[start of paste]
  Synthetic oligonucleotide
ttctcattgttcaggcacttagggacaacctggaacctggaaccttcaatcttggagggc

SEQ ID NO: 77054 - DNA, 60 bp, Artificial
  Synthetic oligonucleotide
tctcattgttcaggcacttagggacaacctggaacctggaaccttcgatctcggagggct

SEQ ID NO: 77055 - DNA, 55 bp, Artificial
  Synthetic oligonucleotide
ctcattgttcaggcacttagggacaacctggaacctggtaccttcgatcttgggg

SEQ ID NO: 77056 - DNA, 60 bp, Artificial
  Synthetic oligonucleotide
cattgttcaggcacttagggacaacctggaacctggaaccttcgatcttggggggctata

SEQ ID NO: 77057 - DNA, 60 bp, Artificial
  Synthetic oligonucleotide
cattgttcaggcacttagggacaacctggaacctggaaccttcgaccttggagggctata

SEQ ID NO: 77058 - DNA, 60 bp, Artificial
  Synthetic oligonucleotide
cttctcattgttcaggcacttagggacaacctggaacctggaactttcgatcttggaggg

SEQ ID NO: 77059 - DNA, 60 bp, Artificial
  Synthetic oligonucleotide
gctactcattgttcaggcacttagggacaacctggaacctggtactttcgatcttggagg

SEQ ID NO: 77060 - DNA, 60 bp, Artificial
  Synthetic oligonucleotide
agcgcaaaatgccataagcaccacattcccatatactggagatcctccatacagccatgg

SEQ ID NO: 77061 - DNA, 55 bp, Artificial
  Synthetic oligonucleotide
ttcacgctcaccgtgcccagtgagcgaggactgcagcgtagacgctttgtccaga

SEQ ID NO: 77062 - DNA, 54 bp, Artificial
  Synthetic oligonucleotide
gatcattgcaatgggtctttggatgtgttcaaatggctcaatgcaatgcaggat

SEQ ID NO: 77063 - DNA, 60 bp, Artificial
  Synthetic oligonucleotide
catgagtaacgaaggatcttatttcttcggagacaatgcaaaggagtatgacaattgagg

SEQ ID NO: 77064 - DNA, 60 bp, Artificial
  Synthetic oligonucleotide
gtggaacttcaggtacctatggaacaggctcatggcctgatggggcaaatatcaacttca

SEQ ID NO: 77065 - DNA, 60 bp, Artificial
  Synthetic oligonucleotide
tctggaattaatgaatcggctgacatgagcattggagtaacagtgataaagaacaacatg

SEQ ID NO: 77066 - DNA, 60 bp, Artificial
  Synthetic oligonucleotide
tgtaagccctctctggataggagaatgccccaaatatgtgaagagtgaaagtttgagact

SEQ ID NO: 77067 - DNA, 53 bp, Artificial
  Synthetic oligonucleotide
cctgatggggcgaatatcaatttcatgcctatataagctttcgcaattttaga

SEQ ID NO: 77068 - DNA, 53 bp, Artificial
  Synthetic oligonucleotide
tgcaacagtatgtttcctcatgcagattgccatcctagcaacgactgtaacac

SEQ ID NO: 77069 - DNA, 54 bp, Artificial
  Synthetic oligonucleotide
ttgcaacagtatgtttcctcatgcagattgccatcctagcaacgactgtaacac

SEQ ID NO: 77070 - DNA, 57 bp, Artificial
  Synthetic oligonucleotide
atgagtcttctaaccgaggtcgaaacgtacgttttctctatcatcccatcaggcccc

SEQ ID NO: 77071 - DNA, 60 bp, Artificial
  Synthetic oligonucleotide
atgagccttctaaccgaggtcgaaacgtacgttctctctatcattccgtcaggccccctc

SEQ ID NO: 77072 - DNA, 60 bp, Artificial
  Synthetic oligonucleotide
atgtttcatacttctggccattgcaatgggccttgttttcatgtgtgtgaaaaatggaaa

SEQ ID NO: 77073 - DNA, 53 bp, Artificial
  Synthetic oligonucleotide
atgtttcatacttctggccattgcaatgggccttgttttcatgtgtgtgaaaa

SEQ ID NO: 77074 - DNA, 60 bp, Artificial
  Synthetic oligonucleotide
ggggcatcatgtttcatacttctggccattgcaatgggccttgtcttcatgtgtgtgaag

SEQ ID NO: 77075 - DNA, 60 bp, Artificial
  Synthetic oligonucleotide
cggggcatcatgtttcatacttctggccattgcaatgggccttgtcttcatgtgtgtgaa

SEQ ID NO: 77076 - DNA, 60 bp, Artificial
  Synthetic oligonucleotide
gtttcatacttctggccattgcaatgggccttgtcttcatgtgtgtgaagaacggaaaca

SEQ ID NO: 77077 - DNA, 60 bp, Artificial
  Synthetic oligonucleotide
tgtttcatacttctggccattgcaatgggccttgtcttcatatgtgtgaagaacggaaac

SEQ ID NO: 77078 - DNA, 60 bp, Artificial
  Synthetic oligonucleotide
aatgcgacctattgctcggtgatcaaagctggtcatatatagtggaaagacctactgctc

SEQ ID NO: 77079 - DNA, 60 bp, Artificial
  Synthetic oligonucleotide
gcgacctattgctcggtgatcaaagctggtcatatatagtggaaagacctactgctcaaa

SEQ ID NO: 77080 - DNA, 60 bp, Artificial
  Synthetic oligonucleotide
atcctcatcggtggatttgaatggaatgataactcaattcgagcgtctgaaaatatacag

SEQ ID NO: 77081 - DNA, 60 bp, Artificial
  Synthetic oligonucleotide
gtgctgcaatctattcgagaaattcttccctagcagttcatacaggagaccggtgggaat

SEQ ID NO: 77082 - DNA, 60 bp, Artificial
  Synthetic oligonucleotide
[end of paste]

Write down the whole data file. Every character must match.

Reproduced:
  Synthetic oligonucleotide
ttctcattgttcaggcacttagggacaacctggaacctggaaccttcaatcttggagggc

SEQ ID NO: 77054 - DNA, 60 bp, Artificial
  Synthetic oligonucleotide
tctcattgttcaggcacttagggacaacctggaacctggaaccttcgatctcggagggct

SEQ ID NO: 77055 - DNA, 55 bp, Artificial
  Synthetic oligonucleotide
ctcattgttcaggcacttagggacaacctggaacctggtaccttcgatcttgggg

SEQ ID NO: 77056 - DNA, 60 bp, Artificial
  Synthetic oligonucleotide
cattgttcaggcacttagggacaacctggaacctggaaccttcgatcttggggggctata

SEQ ID NO: 77057 - DNA, 60 bp, Artificial
  Synthetic oligonucleotide
cattgttcaggcacttagggacaacctggaacctggaaccttcgaccttggagggctata

SEQ ID NO: 77058 - DNA, 60 bp, Artificial
  Synthetic oligonucleotide
cttctcattgttcaggcacttagggacaacctggaacctggaactttcgatcttggaggg

SEQ ID NO: 77059 - DNA, 60 bp, Artificial
  Synthetic oligonucleotide
gctactcattgttcaggcacttagggacaacctggaacctggtactttcgatcttggagg

SEQ ID NO: 77060 - DNA, 60 bp, Artificial
  Synthetic oligonucleotide
agcgcaaaatgccataagcaccacattcccatatactggagatcctccatacagccatgg

SEQ ID NO: 77061 - DNA, 55 bp, Artificial
  Synthetic oligonucleotide
ttcacgctcaccgtgcccagtgagcgaggactgcagcgtagacgctttgtccaga

SEQ ID NO: 77062 - DNA, 54 bp, Artificial
  Synthetic oligonucleotide
gatcattgcaatgggtctttggatgtgttcaaatggctcaatgcaatgcaggat

SEQ ID NO: 77063 - DNA, 60 bp, Artificial
  Synthetic oligonucleotide
catgagtaacgaaggatcttatttcttcggagacaatgcaaaggagtatgacaattgagg

SEQ ID NO: 77064 - DNA, 60 bp, Artificial
  Synthetic oligonucleotide
gtggaacttcaggtacctatggaacaggctcatggcctgatggggcaaatatcaacttca

SEQ ID NO: 77065 - DNA, 60 bp, Artificial
  Synthetic oligonucleotide
tctggaattaatgaatcggctgacatgagcattggagtaacagtgataaagaacaacatg

SEQ ID NO: 77066 - DNA, 60 bp, Artificial
  Synthetic oligonucleotide
tgtaagccctctctggataggagaatgccccaaatatgtgaagagtgaaagtttgagact

SEQ ID NO: 77067 - DNA, 53 bp, Artificial
  Synthetic oligonucleotide
cctgatggggcgaatatcaatttcatgcctatataagctttcgcaattttaga

SEQ ID NO: 77068 - DNA, 53 bp, Artificial
  Synthetic oligonucleotide
tgcaacagtatgtttcctcatgcagattgccatcctagcaacgactgtaacac

SEQ ID NO: 77069 - DNA, 54 bp, Artificial
  Synthetic oligonucleotide
ttgcaacagtatgtttcctcatgcagattgccatcctagcaacgactgtaacac

SEQ ID NO: 77070 - DNA, 57 bp, Artificial
  Synthetic oligonucleotide
atgagtcttctaaccgaggtcgaaacgtacgttttctctatcatcccatcaggcccc

SEQ ID NO: 77071 - DNA, 60 bp, Artificial
  Synthetic oligonucleotide
atgagccttctaaccgaggtcgaaacgtacgttctctctatcattccgtcaggccccctc

SEQ ID NO: 77072 - DNA, 60 bp, Artificial
  Synthetic oligonucleotide
atgtttcatacttctggccattgcaatgggccttgttttcatgtgtgtgaaaaatggaaa

SEQ ID NO: 77073 - DNA, 53 bp, Artificial
  Synthetic oligonucleotide
atgtttcatacttctggccattgcaatgggccttgttttcatgtgtgtgaaaa

SEQ ID NO: 77074 - DNA, 60 bp, Artificial
  Synthetic oligonucleotide
ggggcatcatgtttcatacttctggccattgcaatgggccttgtcttcatgtgtgtgaag

SEQ ID NO: 77075 - DNA, 60 bp, Artificial
  Synthetic oligonucleotide
cggggcatcatgtttcatacttctggccattgcaatgggccttgtcttcatgtgtgtgaa

SEQ ID NO: 77076 - DNA, 60 bp, Artificial
  Synthetic oligonucleotide
gtttcatacttctggccattgcaatgggccttgtcttcatgtgtgtgaagaacggaaaca

SEQ ID NO: 77077 - DNA, 60 bp, Artificial
  Synthetic oligonucleotide
tgtttcatacttctggccattgcaatgggccttgtcttcatatgtgtgaagaacggaaac

SEQ ID NO: 77078 - DNA, 60 bp, Artificial
  Synthetic oligonucleotide
aatgcgacctattgctcggtgatcaaagctggtcatatatagtggaaagacctactgctc

SEQ ID NO: 77079 - DNA, 60 bp, Artificial
  Synthetic oligonucleotide
gcgacctattgctcggtgatcaaagctggtcatatatagtggaaagacctactgctcaaa

SEQ ID NO: 77080 - DNA, 60 bp, Artificial
  Synthetic oligonucleotide
atcctcatcggtggatttgaatggaatgataactcaattcgagcgtctgaaaatatacag

SEQ ID NO: 77081 - DNA, 60 bp, Artificial
  Synthetic oligonucleotide
gtgctgcaatctattcgagaaattcttccctagcagttcatacaggagaccggtgggaat

SEQ ID NO: 77082 - DNA, 60 bp, Artificial
  Synthetic oligonucleotide